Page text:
Two Variables

Often, we are concerned with the joint behavior of two random variables. We may describe such behavior in terms of a joint distribution (density function) such as p(x, y). As suggested before, if such a distribution is partitionable, as p(x, y) = g(X)h(y) (11.18)

then the two variables x and y are independent.

Example. We may develop a simple joint distribution when tossing two dice, where each die represents a random-variable generator. The probability of obtaining any given pair of numbers, say, 3 and 5 [a 3 on the ''X' die and a 5 on the "Y" die is P(X, Y) = P(3, 5)]. For any given pair, of which there are 36 possibilities, the probability is clearly 1/36. Therefore, this is a uniform discrete joint distribution that has only one value, namely, P(X, Y) = 1 /36.

There is also a mean or expected-value concept when dealing with a joint distribution. This may be expressed as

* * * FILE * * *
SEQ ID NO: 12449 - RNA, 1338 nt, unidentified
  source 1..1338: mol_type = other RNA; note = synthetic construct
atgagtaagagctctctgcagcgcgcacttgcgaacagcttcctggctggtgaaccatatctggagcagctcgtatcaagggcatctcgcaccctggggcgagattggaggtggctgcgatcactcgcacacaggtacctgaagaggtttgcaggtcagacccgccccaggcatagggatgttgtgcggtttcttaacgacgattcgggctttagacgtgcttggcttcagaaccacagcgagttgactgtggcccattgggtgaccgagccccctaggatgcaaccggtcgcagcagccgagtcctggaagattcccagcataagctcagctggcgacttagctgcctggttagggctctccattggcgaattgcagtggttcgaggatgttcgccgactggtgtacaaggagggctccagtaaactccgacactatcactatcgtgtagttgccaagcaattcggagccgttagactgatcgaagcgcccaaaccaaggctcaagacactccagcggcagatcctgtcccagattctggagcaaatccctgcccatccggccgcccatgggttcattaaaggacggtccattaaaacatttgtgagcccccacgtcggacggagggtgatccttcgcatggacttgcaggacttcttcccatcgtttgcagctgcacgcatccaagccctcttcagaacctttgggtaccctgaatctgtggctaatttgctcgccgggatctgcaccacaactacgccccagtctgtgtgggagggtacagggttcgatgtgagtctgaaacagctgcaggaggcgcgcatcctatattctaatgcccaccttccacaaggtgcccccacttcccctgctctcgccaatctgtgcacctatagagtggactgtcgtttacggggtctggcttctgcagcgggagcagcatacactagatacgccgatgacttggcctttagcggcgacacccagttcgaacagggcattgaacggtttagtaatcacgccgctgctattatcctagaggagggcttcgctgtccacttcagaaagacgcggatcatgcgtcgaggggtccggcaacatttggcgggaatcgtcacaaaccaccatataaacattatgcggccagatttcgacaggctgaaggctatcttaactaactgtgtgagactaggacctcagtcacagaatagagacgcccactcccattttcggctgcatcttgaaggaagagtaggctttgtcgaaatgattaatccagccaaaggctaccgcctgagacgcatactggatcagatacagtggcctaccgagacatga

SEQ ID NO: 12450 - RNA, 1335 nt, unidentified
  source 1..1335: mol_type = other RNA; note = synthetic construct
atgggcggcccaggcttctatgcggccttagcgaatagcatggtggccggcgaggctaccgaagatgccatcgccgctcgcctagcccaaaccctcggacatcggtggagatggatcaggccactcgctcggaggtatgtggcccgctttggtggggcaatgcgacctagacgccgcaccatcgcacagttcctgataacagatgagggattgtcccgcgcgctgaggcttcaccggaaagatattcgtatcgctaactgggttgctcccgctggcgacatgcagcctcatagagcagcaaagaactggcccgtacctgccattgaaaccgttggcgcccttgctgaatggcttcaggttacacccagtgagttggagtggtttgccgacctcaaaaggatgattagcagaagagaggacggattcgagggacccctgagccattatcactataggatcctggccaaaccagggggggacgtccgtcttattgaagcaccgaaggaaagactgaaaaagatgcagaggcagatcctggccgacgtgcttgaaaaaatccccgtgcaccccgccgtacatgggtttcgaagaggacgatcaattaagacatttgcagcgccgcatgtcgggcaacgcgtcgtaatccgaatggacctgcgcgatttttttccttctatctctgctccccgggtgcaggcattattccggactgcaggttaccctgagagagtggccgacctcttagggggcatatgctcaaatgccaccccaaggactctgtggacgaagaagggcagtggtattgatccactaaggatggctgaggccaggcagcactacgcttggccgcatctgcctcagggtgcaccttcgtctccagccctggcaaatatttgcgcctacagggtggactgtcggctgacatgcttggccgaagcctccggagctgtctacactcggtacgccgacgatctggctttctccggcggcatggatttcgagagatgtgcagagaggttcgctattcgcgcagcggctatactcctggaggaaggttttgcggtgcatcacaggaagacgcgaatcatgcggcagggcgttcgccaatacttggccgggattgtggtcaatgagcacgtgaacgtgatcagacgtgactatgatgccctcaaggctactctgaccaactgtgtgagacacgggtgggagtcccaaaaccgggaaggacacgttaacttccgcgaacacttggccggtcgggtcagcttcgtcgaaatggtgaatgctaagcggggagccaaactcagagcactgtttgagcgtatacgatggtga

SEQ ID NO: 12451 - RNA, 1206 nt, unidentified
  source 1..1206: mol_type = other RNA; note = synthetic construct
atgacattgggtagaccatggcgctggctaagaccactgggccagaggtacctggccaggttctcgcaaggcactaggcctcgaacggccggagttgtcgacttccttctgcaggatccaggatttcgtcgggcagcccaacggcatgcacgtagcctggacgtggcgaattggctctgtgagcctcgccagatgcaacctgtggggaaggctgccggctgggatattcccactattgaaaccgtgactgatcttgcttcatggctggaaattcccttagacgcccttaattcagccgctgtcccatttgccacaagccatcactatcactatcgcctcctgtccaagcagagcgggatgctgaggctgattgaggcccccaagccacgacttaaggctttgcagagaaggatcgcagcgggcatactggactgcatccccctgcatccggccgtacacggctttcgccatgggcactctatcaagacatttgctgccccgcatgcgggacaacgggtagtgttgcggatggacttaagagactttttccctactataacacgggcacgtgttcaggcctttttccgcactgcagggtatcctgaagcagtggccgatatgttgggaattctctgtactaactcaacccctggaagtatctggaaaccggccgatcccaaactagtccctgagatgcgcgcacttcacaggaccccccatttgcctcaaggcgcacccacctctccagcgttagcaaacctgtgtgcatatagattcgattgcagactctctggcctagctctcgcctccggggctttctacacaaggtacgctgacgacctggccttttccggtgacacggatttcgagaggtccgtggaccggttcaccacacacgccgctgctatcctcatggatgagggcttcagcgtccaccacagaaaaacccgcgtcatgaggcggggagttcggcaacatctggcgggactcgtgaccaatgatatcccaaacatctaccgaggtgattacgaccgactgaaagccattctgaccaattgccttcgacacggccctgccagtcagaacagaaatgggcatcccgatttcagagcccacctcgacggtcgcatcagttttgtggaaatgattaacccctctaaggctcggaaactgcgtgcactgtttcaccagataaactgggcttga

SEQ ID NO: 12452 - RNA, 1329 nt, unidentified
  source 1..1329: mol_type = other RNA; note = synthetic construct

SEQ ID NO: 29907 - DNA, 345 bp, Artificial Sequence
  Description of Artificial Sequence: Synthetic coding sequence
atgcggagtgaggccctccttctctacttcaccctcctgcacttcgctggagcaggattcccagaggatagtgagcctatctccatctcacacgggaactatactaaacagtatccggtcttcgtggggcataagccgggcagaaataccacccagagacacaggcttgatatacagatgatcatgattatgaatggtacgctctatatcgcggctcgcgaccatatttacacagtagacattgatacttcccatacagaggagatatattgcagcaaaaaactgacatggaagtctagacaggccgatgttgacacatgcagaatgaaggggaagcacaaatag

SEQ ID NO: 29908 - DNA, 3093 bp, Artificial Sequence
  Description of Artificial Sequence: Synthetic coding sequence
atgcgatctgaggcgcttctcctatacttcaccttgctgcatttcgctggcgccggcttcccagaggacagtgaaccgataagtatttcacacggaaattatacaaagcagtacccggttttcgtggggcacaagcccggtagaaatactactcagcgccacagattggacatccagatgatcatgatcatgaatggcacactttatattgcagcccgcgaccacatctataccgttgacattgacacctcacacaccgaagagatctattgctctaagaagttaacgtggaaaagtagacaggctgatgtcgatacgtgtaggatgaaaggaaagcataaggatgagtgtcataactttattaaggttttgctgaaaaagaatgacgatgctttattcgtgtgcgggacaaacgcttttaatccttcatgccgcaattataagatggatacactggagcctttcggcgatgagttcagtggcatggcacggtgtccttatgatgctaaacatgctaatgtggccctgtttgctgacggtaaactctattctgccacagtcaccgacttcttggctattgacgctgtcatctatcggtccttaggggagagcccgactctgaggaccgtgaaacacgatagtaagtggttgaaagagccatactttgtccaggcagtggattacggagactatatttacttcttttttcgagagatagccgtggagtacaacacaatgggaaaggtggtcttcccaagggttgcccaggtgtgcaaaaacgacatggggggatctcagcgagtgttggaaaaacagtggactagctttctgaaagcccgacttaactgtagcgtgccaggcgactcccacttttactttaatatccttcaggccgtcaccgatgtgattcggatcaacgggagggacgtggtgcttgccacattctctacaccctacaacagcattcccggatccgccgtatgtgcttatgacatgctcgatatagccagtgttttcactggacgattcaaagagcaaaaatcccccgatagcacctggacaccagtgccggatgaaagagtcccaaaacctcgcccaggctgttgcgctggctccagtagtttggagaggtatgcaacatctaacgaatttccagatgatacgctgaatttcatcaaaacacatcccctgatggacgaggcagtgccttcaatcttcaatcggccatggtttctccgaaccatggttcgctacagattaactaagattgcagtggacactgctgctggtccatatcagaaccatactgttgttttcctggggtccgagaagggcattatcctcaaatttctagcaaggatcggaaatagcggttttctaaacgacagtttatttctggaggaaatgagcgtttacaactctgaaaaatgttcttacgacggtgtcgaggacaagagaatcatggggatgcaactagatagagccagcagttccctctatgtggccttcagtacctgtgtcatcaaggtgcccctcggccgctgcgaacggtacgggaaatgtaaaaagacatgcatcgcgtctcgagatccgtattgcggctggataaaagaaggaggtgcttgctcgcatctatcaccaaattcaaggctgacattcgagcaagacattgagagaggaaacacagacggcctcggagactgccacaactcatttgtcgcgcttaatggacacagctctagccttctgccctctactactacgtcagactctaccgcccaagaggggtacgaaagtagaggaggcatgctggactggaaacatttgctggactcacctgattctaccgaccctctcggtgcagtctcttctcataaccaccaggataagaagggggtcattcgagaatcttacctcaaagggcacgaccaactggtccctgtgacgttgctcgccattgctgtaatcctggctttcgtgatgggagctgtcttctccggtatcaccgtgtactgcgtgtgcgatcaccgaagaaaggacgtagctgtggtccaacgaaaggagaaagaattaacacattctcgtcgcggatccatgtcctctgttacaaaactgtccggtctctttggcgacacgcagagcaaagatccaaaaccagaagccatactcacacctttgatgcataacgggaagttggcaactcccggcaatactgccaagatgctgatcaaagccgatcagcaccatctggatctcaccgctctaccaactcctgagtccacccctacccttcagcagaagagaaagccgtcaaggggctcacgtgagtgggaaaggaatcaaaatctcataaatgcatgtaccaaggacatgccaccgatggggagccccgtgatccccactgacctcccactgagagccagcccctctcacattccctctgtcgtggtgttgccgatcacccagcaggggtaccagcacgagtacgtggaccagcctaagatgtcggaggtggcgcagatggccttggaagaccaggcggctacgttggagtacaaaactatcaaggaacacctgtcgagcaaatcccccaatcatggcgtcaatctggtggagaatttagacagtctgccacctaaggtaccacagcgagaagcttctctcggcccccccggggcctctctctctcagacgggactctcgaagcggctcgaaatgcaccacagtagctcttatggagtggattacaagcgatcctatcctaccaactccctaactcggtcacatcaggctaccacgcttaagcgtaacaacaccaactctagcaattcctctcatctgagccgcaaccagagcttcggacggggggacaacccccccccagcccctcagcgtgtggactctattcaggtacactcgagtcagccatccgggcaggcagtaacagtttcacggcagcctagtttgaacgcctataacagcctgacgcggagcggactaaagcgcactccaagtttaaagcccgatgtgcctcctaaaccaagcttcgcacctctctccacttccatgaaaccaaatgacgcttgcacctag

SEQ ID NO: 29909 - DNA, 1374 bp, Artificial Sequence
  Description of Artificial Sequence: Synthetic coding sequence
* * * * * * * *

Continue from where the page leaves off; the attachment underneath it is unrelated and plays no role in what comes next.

As might be expected, if x and y are independent, the preceding yields the product of the expected, or mean, values of the individual distributions.

Project Management Made Easy

Project Management Made Easy

What you need to know about… Project Management Made Easy! Project management consists of more than just a large building project and can encompass small projects as well. No matter what the size of your project, you need to have some sort of project management. How you manage your project has everything to do with its outcome.

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